Bank of America Corp. chief executive Ken Lewis Thursday said he sees a cause for optimism for the nation's economy, but with a "gut wrenching" next six months and a bottoming out coming in the second half of the year and the full earnings power of the bank only visible in 2011.
"I am optimistic that we're getting close to the bottom and that we'll be seeing signs of recovery," Lewis said in an interview from College Station, Texas, aired on CNBC.
"I would say that it's going to be a gut-wrenching time in a positive sense," he said, with enough positive signs that will encourage businesses to invest.
Lewis said he sees conditions resembling "an old-fashioned recession," with mixed economic signals.
Lewis said the bank has seen a rise in the delinquency rates "across the board" for consumer loans. However, he added that there is some evidence delinquencies in some products is "actually starting to abate — and you can't call it a trend yet, but, boy, (if) we saw a few months of that, then that would be very encouraging. It's just a little early. "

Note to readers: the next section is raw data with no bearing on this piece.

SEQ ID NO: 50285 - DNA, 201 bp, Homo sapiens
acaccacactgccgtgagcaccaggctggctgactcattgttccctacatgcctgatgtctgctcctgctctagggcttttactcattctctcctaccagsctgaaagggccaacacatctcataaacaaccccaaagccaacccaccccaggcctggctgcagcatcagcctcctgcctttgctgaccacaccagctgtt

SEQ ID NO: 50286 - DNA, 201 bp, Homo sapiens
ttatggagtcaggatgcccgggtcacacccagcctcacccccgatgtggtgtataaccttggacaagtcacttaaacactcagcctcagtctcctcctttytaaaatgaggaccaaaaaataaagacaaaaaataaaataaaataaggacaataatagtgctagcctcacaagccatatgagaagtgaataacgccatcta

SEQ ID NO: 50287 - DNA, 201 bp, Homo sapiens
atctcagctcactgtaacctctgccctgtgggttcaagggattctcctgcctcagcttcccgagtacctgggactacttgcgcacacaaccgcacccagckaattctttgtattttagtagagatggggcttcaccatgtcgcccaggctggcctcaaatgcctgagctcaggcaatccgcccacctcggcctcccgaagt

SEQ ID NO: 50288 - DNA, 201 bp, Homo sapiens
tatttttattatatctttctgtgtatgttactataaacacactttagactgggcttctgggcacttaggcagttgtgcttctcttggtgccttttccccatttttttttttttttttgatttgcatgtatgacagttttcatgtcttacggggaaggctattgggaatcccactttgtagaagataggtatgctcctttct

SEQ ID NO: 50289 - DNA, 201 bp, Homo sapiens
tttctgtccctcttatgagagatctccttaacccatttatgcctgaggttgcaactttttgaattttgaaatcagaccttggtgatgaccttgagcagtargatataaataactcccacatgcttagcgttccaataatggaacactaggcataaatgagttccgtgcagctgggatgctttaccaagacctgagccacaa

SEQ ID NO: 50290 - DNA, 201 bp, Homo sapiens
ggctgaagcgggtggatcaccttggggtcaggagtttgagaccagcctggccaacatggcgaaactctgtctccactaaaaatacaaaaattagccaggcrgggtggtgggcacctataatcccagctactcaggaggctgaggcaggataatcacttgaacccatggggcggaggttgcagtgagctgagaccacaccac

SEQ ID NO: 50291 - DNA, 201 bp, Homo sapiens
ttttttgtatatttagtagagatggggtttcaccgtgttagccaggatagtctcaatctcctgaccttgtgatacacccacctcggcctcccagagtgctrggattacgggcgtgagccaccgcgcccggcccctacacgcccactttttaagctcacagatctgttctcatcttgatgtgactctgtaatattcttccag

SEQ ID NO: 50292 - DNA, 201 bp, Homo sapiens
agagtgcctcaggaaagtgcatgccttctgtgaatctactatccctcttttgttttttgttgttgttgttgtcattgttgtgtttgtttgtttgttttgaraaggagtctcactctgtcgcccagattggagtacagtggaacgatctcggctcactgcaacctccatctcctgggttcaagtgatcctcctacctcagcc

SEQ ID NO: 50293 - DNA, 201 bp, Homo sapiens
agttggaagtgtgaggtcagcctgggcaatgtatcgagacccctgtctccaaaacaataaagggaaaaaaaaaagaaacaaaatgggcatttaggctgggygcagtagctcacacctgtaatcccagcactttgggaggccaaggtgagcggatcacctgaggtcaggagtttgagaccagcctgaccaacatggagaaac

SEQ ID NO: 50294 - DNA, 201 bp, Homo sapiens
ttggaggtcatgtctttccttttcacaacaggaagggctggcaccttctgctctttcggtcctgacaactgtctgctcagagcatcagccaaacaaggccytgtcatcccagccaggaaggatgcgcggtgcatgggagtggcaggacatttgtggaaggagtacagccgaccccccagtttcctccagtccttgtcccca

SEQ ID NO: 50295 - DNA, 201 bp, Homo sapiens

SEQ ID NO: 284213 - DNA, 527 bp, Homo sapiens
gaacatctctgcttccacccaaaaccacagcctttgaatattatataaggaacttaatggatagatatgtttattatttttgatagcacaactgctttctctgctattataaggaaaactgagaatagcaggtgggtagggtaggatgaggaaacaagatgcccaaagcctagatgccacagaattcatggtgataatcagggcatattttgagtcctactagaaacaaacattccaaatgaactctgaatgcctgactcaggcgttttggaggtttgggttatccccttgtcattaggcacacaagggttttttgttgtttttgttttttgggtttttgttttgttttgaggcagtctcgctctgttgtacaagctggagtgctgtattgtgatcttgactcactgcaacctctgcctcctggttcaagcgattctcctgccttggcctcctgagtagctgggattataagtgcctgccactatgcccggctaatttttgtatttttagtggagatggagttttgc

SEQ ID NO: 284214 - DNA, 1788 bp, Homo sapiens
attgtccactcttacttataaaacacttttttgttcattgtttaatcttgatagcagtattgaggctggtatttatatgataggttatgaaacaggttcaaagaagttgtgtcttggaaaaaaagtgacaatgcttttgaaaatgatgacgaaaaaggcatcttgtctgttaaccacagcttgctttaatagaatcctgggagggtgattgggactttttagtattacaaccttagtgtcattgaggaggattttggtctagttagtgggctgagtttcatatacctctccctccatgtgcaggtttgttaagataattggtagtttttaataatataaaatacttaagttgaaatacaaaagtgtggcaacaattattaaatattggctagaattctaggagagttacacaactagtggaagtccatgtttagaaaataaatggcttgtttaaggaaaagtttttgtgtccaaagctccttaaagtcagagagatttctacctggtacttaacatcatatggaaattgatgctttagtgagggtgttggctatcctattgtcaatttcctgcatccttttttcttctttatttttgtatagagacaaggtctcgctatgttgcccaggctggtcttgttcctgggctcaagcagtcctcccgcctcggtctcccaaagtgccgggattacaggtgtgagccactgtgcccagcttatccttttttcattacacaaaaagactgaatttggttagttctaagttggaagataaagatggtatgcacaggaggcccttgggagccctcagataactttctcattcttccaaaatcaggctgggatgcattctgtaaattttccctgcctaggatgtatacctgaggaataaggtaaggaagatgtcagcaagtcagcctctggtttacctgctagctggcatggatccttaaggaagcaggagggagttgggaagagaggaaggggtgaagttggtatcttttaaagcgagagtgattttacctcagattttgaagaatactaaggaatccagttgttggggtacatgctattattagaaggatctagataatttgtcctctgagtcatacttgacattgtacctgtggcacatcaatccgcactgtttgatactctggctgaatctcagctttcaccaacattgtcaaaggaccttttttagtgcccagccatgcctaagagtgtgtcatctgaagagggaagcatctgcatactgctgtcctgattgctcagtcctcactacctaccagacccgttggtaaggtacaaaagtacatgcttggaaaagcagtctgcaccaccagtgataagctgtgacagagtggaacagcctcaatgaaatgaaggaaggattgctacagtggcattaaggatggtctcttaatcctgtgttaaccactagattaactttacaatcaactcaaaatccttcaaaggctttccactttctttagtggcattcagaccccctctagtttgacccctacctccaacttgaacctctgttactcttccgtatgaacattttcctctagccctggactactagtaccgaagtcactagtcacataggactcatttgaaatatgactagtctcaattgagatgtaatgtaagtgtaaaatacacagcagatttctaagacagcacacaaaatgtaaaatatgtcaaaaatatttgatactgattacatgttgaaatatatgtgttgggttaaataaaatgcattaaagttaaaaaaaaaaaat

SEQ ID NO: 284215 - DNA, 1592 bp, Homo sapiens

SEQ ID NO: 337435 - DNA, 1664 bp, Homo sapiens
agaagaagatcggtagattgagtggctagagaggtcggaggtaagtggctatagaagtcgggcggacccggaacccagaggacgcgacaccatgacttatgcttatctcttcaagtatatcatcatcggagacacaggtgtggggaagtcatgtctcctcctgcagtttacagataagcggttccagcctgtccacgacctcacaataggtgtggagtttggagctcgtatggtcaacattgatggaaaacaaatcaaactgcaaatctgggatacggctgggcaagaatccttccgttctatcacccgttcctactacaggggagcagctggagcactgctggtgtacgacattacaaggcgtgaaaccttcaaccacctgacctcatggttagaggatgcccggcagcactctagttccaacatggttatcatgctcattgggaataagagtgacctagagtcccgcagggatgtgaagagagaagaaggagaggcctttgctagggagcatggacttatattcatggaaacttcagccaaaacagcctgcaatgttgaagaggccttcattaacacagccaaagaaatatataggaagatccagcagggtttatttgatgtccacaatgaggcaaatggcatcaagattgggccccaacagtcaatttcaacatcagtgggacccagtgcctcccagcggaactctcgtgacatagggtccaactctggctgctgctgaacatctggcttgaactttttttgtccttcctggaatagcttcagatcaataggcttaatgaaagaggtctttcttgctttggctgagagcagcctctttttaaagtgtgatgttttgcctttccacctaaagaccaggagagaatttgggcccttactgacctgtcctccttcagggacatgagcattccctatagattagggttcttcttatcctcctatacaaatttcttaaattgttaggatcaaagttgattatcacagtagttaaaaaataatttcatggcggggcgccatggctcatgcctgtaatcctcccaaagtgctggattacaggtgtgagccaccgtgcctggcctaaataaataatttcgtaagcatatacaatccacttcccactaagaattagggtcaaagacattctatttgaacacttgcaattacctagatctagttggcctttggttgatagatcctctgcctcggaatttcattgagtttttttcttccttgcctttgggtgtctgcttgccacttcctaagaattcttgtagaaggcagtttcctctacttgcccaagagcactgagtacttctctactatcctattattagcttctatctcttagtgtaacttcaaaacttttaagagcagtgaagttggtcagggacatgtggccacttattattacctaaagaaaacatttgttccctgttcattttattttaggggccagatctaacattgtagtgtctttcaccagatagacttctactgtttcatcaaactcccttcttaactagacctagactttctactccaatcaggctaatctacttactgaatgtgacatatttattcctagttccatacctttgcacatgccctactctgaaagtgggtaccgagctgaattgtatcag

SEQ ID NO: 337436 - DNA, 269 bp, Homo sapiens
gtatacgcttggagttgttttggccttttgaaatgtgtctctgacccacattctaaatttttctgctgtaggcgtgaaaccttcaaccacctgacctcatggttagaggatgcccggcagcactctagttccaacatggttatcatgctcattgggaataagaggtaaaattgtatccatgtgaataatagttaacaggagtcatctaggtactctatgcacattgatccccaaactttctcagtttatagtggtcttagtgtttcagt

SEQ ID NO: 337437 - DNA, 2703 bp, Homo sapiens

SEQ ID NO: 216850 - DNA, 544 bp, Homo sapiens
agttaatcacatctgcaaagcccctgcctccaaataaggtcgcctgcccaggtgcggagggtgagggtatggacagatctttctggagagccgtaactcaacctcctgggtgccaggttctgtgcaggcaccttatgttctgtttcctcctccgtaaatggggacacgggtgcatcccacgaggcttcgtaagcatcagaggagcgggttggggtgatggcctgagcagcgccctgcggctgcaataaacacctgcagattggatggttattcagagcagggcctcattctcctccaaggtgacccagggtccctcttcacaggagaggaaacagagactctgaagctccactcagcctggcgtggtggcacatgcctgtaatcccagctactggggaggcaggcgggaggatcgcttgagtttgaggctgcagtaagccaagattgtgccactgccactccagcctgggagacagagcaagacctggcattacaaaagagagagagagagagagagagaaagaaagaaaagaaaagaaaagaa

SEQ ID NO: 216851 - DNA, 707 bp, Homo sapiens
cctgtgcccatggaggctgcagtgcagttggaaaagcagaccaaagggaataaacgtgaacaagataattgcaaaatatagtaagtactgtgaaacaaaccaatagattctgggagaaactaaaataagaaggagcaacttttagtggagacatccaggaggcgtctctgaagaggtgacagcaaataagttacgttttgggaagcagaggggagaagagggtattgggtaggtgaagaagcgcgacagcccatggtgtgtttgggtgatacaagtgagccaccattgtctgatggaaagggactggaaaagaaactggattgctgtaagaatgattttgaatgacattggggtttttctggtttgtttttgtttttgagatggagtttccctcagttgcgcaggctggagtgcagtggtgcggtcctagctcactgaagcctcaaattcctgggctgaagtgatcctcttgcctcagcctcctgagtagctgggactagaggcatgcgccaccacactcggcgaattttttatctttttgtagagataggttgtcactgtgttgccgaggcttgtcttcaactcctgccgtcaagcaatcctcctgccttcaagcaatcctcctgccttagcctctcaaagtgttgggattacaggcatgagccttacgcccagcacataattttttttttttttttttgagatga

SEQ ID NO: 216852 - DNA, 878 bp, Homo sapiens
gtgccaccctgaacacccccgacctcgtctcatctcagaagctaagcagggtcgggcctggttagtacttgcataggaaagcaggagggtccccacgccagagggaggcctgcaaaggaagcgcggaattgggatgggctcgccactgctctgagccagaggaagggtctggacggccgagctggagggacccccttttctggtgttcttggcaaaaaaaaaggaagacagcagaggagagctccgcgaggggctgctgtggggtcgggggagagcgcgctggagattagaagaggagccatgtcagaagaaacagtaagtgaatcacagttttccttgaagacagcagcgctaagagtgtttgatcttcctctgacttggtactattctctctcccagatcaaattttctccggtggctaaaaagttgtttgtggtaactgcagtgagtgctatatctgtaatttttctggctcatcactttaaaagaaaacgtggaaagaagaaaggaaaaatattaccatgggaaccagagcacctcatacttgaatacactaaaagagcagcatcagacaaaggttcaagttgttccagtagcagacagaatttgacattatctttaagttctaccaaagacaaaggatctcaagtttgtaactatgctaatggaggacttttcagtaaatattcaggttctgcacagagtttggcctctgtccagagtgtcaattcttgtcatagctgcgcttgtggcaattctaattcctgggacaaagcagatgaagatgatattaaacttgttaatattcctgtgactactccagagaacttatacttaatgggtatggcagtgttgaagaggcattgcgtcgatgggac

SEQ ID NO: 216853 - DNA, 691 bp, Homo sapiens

As for Bank of America, Lewis said he regretted taking more TARP money from the government than necessary, and is "anxious" to repay at least some of those borrowings, but that may be several quarters before that takes place.
He also noted that the "full earnings power" of the bank will be be seen in 2011. He also denied complaints by some that banks in general were holding back on lending, saying the bank is making "every good loan we can make."
He did have some words of criticism for Washington, complaining that regulations are forcing tens of billions of dollars in capital to be tied up in consumer loan loss reserves, and that government actions in the recent past were made "in haste," but that, of late, "cooler heads" were more evident.
Lewis also reiterated his support for the bank's acquisition of Merrill Lynch, calling the buy the "right thing to do" for the bank.
Asked about employee compensation issues in light of headlines and complaints, Lewis said the bank is weighing plans to issue higher salaries and provide less incentive-based pay.